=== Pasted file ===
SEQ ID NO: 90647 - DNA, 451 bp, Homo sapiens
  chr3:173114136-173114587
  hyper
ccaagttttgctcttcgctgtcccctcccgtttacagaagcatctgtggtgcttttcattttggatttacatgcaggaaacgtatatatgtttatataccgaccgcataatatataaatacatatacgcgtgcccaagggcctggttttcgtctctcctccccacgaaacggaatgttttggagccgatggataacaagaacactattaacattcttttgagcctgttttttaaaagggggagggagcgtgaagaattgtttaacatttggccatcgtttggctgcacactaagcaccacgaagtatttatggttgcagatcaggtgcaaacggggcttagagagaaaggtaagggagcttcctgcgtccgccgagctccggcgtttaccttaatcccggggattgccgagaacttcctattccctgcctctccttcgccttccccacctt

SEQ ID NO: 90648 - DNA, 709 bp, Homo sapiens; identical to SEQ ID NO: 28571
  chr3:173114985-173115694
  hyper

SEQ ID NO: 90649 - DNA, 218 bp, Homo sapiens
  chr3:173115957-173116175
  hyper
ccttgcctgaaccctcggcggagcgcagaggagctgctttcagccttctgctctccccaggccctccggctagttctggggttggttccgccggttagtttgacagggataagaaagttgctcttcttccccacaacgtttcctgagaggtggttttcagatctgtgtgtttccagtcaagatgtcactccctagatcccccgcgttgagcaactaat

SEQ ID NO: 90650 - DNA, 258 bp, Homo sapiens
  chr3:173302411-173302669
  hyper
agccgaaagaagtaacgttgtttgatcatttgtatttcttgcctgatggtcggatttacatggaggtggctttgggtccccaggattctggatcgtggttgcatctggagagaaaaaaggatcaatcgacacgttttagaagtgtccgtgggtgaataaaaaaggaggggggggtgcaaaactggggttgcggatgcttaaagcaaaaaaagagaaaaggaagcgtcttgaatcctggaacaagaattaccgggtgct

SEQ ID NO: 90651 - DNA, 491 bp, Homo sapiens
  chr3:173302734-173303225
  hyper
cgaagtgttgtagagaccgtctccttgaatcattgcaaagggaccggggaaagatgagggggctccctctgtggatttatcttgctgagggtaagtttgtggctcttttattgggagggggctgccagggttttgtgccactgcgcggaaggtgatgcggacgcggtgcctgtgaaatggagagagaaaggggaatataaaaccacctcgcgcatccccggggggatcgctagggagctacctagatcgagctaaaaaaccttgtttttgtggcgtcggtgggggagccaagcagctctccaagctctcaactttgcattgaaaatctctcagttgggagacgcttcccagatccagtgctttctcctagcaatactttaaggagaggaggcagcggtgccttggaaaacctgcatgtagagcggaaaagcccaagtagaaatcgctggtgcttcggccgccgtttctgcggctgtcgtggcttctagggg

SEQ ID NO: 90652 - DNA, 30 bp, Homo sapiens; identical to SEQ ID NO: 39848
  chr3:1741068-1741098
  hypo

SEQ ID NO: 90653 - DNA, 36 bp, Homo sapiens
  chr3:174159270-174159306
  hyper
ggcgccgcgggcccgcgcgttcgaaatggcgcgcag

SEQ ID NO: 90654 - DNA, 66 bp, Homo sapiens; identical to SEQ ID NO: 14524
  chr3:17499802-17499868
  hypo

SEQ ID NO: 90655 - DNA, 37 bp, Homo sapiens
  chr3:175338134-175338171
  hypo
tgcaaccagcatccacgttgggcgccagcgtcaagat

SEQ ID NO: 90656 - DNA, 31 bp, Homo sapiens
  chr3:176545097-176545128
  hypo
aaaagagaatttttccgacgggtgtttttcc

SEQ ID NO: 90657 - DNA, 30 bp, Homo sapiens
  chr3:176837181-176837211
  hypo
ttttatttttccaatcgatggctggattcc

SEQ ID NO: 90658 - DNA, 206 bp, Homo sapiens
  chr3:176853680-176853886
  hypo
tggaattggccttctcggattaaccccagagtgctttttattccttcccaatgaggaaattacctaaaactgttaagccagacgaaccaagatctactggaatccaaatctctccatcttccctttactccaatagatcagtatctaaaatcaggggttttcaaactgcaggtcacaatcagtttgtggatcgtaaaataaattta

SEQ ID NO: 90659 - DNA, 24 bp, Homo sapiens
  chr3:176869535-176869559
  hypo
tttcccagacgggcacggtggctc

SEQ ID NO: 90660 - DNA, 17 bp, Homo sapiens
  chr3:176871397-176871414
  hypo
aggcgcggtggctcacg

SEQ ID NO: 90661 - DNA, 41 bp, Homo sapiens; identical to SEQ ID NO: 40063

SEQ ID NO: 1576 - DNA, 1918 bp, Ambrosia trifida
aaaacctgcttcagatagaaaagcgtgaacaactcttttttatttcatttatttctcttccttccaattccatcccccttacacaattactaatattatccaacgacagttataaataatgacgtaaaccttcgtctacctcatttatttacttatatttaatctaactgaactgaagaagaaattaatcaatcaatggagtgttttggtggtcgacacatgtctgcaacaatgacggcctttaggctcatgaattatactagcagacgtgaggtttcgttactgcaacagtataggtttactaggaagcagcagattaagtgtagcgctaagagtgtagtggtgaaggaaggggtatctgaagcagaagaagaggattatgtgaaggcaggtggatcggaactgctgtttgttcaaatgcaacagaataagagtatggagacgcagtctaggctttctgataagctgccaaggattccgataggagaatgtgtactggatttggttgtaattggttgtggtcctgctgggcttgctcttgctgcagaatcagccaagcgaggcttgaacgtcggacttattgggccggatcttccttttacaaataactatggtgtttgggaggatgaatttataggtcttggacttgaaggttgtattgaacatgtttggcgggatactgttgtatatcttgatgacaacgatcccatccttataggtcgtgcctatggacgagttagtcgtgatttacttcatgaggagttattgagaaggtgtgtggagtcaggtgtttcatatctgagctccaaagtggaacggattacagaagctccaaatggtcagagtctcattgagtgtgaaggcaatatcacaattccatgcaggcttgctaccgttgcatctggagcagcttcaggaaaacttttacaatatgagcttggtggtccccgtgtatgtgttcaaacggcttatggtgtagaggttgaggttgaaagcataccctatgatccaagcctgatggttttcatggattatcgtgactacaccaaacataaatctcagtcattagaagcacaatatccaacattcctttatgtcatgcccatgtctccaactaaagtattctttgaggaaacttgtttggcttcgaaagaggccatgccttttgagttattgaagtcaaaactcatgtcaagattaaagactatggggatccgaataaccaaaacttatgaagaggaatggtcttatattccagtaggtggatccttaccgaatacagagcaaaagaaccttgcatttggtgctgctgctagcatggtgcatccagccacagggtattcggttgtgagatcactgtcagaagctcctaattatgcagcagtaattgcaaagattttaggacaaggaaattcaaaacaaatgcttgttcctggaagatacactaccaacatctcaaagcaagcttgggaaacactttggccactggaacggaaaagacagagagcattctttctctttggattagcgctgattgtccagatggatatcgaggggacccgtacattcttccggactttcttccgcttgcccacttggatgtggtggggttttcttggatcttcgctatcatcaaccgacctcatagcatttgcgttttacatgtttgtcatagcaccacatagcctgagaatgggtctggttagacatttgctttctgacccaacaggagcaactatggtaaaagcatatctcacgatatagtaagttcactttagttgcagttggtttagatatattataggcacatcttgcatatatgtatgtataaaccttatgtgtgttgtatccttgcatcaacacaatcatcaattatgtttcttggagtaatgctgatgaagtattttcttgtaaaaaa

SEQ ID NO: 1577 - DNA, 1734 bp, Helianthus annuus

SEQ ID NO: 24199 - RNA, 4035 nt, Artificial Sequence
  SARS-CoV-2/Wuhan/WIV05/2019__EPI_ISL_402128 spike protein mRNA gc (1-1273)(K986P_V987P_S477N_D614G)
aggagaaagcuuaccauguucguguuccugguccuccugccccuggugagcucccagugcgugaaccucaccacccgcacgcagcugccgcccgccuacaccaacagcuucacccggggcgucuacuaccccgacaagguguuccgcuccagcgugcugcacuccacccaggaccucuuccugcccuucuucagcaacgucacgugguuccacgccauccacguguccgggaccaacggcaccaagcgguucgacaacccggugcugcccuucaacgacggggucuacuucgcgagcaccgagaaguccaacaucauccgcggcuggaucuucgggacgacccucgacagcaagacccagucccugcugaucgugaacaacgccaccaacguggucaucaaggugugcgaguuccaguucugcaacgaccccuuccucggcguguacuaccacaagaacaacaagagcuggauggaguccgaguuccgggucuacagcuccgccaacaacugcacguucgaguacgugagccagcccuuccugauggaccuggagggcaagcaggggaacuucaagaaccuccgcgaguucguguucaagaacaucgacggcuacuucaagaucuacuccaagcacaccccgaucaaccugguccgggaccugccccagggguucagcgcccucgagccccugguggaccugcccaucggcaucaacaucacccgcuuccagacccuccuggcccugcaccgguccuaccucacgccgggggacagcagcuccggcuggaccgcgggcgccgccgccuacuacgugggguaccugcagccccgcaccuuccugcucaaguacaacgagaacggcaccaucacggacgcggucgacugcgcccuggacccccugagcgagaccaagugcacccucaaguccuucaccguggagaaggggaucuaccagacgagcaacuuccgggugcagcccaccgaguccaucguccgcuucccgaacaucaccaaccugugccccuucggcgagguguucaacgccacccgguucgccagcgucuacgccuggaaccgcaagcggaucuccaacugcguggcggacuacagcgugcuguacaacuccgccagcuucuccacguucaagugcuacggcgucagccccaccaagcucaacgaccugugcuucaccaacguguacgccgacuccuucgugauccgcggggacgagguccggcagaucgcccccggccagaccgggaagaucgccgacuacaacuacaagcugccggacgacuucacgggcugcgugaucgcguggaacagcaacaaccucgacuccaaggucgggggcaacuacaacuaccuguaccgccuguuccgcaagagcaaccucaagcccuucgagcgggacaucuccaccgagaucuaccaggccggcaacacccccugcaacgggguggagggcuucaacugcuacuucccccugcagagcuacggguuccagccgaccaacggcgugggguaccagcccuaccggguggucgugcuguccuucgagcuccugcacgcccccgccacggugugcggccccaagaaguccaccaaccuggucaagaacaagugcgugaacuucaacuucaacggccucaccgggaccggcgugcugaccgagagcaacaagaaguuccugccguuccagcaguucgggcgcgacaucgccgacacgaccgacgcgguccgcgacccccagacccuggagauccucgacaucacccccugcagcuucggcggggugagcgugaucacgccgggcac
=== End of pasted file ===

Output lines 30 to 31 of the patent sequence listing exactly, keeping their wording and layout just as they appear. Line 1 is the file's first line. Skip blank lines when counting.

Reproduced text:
SEQ ID NO: 90655 - DNA, 37 bp, Homo sapiens
  chr3:175338134-175338171